Negative Barbie

by | Oct 11, 2015 | 0 comments

I’ve been fascinated by the way glass gives the ability to look inside the form, and see the image within.  Karen LaMonte provides incredible inspiration.  Here is an image of a cast glass robe she has in the DeYoung Museum in San Francisco.

This is a life-sized dress, and you can see two forms: the dress itself is the external form, and it is all that you would see if it were made of cloth.  Looking through the glass, you can see that human form within, as a ghost.  It is as if you can peer past the exterior to see the person within.  What an incredible concept.


DeYoung Museum (my photo)

The degree of technical skill is also astonishing!  I decided I would like to explore this idea.  However, glass can be really difficult to work with, and it is very disappointing when something you have worked on for a month breaks into several pieces. I decided to do an experiment, something just to see how things work.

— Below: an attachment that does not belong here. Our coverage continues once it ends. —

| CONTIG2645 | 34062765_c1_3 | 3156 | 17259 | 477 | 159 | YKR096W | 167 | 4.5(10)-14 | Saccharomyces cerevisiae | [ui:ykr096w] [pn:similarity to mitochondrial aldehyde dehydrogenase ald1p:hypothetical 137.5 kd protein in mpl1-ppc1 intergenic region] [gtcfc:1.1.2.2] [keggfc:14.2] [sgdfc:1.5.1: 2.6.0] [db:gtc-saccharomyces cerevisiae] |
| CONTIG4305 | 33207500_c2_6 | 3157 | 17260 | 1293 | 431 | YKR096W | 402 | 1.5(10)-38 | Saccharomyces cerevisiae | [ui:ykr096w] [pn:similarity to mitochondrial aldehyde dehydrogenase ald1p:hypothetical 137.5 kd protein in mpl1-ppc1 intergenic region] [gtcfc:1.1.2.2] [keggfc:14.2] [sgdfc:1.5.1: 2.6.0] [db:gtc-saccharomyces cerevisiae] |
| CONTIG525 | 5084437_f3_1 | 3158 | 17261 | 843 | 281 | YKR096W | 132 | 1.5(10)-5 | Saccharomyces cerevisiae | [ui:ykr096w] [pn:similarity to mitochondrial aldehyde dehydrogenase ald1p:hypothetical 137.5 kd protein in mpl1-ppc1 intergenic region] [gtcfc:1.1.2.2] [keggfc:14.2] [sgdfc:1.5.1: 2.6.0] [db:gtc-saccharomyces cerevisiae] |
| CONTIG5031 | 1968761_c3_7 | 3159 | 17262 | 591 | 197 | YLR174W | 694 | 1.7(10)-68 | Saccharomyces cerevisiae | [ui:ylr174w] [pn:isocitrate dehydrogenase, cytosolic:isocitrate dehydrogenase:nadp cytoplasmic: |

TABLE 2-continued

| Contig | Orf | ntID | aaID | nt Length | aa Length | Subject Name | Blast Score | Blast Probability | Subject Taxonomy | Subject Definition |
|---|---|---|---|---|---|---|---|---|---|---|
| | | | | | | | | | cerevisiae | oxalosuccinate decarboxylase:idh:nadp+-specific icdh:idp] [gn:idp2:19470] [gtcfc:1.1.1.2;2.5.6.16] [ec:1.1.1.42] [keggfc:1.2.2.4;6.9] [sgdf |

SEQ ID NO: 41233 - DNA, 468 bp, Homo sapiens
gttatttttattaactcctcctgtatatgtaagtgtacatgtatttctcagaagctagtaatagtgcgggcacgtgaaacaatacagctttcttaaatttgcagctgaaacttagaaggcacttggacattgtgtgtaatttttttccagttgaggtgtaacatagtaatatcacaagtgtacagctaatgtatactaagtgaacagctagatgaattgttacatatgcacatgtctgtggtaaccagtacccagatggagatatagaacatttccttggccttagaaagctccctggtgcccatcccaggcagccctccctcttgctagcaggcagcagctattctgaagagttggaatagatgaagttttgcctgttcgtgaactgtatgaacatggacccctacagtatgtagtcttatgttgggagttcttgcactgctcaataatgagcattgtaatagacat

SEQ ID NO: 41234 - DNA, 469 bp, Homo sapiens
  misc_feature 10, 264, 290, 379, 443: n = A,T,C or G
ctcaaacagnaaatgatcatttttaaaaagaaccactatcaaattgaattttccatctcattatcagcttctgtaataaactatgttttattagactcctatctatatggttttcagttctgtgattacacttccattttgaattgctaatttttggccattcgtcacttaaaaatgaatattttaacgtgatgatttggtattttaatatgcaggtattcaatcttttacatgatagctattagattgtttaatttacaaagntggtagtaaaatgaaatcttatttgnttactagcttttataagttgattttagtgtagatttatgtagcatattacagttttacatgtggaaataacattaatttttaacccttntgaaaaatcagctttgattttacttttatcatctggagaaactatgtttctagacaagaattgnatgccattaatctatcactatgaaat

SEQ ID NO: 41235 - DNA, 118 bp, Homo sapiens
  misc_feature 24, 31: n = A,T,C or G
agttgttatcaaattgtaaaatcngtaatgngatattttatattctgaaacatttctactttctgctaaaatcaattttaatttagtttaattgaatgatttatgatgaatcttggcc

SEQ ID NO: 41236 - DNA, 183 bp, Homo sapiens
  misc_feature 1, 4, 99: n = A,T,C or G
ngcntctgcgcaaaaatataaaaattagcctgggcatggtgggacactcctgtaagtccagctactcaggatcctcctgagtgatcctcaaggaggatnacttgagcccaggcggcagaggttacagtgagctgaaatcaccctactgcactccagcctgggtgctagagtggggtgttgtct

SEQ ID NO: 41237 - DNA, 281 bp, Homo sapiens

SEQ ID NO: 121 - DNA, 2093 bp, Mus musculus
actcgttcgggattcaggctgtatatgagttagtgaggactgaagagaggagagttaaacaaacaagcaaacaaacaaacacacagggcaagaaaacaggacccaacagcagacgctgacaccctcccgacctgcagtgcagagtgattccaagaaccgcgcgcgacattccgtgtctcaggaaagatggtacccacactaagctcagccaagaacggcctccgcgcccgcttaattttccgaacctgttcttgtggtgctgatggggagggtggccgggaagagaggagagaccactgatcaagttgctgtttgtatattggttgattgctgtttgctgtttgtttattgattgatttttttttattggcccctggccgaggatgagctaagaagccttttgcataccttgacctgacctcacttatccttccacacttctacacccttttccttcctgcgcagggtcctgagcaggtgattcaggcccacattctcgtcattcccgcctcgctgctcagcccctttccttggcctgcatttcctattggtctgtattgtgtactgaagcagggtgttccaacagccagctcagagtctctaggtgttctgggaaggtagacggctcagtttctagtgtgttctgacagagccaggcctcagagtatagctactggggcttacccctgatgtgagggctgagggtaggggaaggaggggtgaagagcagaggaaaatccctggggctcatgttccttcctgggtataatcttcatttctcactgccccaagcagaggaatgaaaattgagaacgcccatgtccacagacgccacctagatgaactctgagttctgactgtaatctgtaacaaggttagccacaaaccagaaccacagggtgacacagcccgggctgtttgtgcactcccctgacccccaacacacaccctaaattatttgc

So, for the first experiment, I decided to cast Barbie in a plain cylinder. After all, Barbie is something we all aspire to, or, rather, Barbie is quite terrifying.  For this, I took a standard Barbie doll, purchased at Target, and performed the following steps.

  1. Construct a two-piece mold in plaster and fiberglass.
  2. Refill the mold with the standard 50-50 mix of plaster an silica, to get a plaster copy of Barbie.
  3. Construct a cylindrical mold in in plaster/silica.
  4. Screw the model to the base of the mold.
  5. Fill with glass and fire.

The glass is Bullseye cullet, fired to 1500, and annealed according to the Bullseye schedule for annealing thick glass slabs (4 inch).

I think the result is awesome, it came out really well.

Note, due to the magnifying effect of the glass, Barbie is blown up to many times her normal proportions.  Instead of being sickly skinny, she is now full figured.  That’s great.

The effect came out well, too, I think.  There is not a lot of detail left in the figure after all the moldmaking, but it worked well for an experiment.  More to come…